Overall, the film will be a hit or miss depending on what you're looking for in a horror flick. It delivers some damned fine atmosphere, it gives us some legitimate scares, and yes, there is actually a good deal of originality on display here. This is what viewers will be given throughout the entire movie, as there's almost nothing in the way of sleaze (blood, gore, and T&A) - just good, old-fashioned horror. On the other hand, there are some major pacing issues that, if they had been fixed before release, would have certainly made this a cult classic. This is also another movie that violates my "No kids in horror flicks" rule, and while I can make exceptions here and there, this is not one of those films. Regardless of its faults, I personally think that a 7/10 sounds about right, but again, this movie certainly won't be for everyone.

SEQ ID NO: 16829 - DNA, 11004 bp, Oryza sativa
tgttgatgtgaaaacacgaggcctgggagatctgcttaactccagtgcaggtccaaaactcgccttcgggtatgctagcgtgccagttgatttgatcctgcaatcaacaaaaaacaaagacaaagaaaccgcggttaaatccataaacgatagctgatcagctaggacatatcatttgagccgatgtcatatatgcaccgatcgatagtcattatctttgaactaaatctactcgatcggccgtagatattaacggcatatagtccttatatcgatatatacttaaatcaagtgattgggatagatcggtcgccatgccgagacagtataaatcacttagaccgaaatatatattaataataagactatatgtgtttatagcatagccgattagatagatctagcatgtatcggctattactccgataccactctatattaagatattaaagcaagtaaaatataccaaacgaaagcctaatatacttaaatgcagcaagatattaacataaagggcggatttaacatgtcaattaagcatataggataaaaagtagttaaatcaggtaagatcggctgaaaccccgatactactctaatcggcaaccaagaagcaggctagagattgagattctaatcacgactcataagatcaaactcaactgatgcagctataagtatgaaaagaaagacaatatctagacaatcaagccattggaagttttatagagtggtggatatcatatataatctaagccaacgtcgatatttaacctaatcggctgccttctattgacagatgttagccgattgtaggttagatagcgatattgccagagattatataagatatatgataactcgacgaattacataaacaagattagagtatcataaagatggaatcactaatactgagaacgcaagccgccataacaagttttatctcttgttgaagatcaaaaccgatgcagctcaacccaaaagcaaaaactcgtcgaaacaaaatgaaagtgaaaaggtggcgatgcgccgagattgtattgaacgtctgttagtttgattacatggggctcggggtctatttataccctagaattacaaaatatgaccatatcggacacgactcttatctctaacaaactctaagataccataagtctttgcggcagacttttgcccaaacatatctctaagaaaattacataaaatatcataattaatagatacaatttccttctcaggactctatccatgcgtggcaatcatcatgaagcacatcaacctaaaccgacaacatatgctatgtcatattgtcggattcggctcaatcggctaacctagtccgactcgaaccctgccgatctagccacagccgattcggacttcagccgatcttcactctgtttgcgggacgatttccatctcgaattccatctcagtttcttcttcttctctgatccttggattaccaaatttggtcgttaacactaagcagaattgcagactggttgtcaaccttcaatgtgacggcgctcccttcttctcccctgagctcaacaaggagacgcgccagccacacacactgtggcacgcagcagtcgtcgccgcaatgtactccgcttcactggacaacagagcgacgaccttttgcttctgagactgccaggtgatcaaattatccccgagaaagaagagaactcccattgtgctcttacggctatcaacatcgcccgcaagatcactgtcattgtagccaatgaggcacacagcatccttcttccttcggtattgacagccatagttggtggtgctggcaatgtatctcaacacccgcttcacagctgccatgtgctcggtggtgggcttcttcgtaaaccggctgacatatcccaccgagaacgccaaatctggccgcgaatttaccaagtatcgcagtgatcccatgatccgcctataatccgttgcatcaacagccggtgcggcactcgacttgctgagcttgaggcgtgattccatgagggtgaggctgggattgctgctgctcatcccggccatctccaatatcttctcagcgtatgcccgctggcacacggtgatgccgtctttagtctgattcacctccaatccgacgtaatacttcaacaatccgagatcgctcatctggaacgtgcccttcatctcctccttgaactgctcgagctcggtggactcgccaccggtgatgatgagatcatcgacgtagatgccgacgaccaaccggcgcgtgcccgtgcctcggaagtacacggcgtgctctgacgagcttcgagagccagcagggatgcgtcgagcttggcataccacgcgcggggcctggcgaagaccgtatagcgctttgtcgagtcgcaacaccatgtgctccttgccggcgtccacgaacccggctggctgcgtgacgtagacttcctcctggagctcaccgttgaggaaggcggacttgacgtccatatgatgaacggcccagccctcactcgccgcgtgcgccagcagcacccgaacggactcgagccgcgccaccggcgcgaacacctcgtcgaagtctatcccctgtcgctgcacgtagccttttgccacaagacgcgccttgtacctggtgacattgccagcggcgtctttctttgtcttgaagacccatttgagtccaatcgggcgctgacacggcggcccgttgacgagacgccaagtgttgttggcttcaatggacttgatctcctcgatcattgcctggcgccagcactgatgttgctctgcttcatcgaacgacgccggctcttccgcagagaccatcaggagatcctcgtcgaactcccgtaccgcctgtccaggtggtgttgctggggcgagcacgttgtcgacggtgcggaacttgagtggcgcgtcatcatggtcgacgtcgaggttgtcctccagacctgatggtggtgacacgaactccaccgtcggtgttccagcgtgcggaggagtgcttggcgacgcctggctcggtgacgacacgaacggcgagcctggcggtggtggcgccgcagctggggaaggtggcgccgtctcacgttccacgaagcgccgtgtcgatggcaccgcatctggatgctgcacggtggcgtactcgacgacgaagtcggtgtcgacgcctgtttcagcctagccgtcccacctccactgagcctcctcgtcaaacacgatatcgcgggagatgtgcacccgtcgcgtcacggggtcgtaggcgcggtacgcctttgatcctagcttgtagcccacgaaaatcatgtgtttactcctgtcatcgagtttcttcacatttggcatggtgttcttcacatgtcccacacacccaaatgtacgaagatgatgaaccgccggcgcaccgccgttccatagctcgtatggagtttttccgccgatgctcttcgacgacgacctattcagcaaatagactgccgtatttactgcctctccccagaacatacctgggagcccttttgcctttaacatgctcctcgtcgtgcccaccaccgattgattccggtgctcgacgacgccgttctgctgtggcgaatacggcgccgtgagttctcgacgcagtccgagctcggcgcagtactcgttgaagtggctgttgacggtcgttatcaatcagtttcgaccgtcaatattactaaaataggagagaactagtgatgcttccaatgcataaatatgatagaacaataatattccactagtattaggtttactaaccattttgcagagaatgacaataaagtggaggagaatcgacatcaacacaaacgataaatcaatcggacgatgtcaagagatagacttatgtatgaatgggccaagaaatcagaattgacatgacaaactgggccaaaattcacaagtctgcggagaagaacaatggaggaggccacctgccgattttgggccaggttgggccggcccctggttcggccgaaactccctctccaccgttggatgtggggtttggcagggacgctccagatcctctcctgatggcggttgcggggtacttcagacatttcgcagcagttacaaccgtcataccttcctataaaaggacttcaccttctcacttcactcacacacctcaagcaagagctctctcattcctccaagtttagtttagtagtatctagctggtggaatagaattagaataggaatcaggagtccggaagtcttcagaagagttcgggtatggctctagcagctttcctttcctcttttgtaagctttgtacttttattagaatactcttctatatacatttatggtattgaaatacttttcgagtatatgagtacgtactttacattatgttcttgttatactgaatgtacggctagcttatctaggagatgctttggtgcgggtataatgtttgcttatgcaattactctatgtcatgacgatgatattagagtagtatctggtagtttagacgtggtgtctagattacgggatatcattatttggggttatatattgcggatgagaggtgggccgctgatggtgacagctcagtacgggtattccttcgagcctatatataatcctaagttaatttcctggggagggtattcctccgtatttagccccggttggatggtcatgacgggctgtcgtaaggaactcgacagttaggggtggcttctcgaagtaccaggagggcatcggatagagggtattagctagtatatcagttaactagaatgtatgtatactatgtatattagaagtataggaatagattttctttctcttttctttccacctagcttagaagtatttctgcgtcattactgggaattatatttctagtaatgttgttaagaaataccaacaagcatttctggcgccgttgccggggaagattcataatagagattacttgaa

bluemeanie #1: bluemeanie - added 01/18/2009, 01:50 PM
Holy Shit -- haven't though about this one in years. Holy Fucking Shit. 9/10.
Optimus Prime #2: Optimus Prime - added 01/22/2009, 08:31 PM
Remember Ghost Ship? That movie's horrid. I haven't seen this though. Maybe I should.